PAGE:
Isvarakrsna’s Samkhyakarika is the important source of information on the Samkhya system; he is generally placed in the fifth century A.D. The Samkhyakarika was translated into Chinese between A.D. 557 and A.D. 567. The Samkhya system is much older—Chanakya’s Arthashastra, which is dated to B.C. 300, has references to the Samkhya, Yoga, and Lokayata systems.
The other Hindu systems — Nayaya, Vaisesika, Mimamsa, and Vedanta — came after the Samkhya, Yoga, and Lokayata were systematized.
There are similarities between Samkhya and Buddhist systems. Both systems react against the Vedic sacrifices, ritualism, and belief in God. They preach that life is a web of pain and ignorance, and that liberation (salvation) can be attained through knowledge. They reject self-torture and have an emphasis on becoming and change. The Samkhya position on Kalvalya (the ultimate raja yoga which stands for "solitude", "detachment" or "isolation") is similar to the Buddhist nirvana.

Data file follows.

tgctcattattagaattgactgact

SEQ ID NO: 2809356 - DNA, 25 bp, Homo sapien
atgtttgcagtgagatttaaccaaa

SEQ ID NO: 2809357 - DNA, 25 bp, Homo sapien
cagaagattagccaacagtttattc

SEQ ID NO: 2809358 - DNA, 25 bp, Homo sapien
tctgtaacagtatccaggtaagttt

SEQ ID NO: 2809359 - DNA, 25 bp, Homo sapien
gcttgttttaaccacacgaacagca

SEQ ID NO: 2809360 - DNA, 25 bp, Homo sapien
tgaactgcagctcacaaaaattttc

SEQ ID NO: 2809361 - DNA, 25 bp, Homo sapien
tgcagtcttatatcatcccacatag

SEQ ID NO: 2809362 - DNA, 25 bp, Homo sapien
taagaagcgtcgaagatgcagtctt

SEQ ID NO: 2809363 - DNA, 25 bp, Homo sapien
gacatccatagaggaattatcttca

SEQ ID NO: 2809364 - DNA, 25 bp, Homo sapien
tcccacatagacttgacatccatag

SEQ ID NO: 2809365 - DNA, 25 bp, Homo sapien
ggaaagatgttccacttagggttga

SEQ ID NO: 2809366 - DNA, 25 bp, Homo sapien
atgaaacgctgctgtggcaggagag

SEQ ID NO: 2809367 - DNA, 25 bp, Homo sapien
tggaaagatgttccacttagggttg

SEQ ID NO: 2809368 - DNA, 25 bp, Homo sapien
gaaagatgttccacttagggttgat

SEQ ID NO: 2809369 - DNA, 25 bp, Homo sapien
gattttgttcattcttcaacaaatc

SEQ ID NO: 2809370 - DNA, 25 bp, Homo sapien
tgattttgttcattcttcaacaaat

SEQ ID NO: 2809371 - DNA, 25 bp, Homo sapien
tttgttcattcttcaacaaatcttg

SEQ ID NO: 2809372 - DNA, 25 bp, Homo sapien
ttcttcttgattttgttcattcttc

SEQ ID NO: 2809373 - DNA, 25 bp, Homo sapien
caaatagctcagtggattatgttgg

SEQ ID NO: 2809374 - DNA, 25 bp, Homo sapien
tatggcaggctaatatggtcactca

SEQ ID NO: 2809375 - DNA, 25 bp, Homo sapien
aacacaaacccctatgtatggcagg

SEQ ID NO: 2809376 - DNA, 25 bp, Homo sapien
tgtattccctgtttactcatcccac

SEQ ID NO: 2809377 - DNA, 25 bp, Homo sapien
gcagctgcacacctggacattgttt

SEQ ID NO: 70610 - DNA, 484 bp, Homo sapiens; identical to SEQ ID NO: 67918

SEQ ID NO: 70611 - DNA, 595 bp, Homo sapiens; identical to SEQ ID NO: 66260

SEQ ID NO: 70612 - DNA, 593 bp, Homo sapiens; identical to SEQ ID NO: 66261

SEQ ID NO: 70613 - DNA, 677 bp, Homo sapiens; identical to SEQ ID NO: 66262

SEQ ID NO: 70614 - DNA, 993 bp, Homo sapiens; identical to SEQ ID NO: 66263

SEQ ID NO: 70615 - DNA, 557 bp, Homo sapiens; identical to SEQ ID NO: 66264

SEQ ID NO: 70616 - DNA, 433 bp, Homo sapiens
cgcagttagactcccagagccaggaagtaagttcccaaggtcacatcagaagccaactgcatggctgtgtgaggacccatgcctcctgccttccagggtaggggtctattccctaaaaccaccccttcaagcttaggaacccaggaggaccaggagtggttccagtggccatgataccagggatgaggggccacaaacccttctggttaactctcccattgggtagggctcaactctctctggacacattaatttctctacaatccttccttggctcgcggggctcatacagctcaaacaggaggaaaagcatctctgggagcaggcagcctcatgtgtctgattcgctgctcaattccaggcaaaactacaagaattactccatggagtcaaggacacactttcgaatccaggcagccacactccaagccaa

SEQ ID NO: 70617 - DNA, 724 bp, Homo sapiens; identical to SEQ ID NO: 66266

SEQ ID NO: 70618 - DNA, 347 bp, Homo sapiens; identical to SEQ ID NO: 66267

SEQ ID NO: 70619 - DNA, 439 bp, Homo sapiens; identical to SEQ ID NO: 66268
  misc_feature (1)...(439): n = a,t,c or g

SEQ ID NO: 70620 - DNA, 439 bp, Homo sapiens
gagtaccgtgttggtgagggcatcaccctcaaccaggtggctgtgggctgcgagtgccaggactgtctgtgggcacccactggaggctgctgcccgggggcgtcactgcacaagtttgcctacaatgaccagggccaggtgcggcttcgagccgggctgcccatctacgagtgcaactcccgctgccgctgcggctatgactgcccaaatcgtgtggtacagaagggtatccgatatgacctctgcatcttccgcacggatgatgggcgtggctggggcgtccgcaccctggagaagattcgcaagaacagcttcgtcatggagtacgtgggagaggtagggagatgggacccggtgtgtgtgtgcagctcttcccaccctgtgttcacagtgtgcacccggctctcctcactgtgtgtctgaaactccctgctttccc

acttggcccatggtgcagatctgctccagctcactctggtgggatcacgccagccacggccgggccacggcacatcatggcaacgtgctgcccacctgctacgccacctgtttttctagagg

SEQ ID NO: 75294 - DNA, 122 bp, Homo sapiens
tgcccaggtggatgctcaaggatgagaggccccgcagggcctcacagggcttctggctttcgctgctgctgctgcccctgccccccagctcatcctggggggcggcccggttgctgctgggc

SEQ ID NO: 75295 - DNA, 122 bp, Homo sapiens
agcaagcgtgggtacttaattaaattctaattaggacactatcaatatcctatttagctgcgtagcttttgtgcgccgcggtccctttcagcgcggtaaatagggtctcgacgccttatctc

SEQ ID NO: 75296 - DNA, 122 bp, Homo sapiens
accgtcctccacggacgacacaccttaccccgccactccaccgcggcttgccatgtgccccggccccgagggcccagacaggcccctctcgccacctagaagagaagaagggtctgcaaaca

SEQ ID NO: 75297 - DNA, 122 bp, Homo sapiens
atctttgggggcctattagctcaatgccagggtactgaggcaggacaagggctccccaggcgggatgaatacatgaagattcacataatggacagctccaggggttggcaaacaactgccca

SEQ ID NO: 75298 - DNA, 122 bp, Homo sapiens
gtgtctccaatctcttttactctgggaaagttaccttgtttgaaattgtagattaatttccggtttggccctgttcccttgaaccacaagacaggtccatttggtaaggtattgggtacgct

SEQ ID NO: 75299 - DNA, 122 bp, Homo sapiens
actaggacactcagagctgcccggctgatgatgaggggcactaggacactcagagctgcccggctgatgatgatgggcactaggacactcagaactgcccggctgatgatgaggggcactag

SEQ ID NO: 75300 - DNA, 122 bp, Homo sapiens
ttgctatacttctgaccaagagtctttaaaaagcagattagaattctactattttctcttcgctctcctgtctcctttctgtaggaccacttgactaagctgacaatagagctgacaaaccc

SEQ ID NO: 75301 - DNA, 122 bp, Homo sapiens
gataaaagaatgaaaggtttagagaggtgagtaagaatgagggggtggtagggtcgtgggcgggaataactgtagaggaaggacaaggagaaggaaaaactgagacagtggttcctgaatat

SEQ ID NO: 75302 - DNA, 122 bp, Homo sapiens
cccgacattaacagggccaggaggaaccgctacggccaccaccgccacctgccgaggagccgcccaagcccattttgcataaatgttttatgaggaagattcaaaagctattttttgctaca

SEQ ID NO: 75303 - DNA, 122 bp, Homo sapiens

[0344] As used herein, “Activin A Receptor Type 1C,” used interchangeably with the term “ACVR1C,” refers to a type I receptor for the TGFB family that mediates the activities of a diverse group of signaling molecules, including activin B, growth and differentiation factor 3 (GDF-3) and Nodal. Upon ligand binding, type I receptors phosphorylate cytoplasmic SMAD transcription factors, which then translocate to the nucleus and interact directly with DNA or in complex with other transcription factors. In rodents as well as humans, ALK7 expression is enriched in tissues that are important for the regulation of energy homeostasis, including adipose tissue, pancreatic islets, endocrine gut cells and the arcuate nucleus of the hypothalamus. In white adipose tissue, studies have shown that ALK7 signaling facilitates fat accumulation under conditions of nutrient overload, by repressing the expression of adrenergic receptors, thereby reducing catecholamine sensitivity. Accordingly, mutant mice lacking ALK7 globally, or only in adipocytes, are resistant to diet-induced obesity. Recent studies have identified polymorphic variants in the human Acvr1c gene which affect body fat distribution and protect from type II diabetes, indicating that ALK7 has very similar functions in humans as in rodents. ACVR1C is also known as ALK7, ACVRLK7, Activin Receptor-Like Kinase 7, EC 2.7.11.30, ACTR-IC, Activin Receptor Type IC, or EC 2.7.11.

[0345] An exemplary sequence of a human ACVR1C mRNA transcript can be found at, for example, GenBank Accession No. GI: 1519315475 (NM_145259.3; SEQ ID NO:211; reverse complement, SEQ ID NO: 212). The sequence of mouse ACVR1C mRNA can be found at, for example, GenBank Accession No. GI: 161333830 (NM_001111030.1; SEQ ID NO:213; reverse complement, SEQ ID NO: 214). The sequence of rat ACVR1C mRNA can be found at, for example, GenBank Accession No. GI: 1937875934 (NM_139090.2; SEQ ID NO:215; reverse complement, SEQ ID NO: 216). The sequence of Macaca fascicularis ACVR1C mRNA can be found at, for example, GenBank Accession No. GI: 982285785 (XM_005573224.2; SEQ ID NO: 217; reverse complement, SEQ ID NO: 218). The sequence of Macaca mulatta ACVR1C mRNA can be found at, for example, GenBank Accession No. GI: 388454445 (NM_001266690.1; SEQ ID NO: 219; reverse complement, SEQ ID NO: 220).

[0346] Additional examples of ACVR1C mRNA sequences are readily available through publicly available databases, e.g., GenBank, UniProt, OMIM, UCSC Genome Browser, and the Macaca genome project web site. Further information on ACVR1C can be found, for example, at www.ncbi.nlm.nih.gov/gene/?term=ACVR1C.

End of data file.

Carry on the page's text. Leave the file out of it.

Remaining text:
The ancient texts on systematic Samkhya are no longer extant and most references to Kapila, the founder Samkhya, are mythological, but the unity in the Samkhya system indicates that it can be the work of one philosopher. Since the name of the birthplace of Buddha (Gautama) is Kapilavastu, it is believed that this is the region where sage Kapila did his work.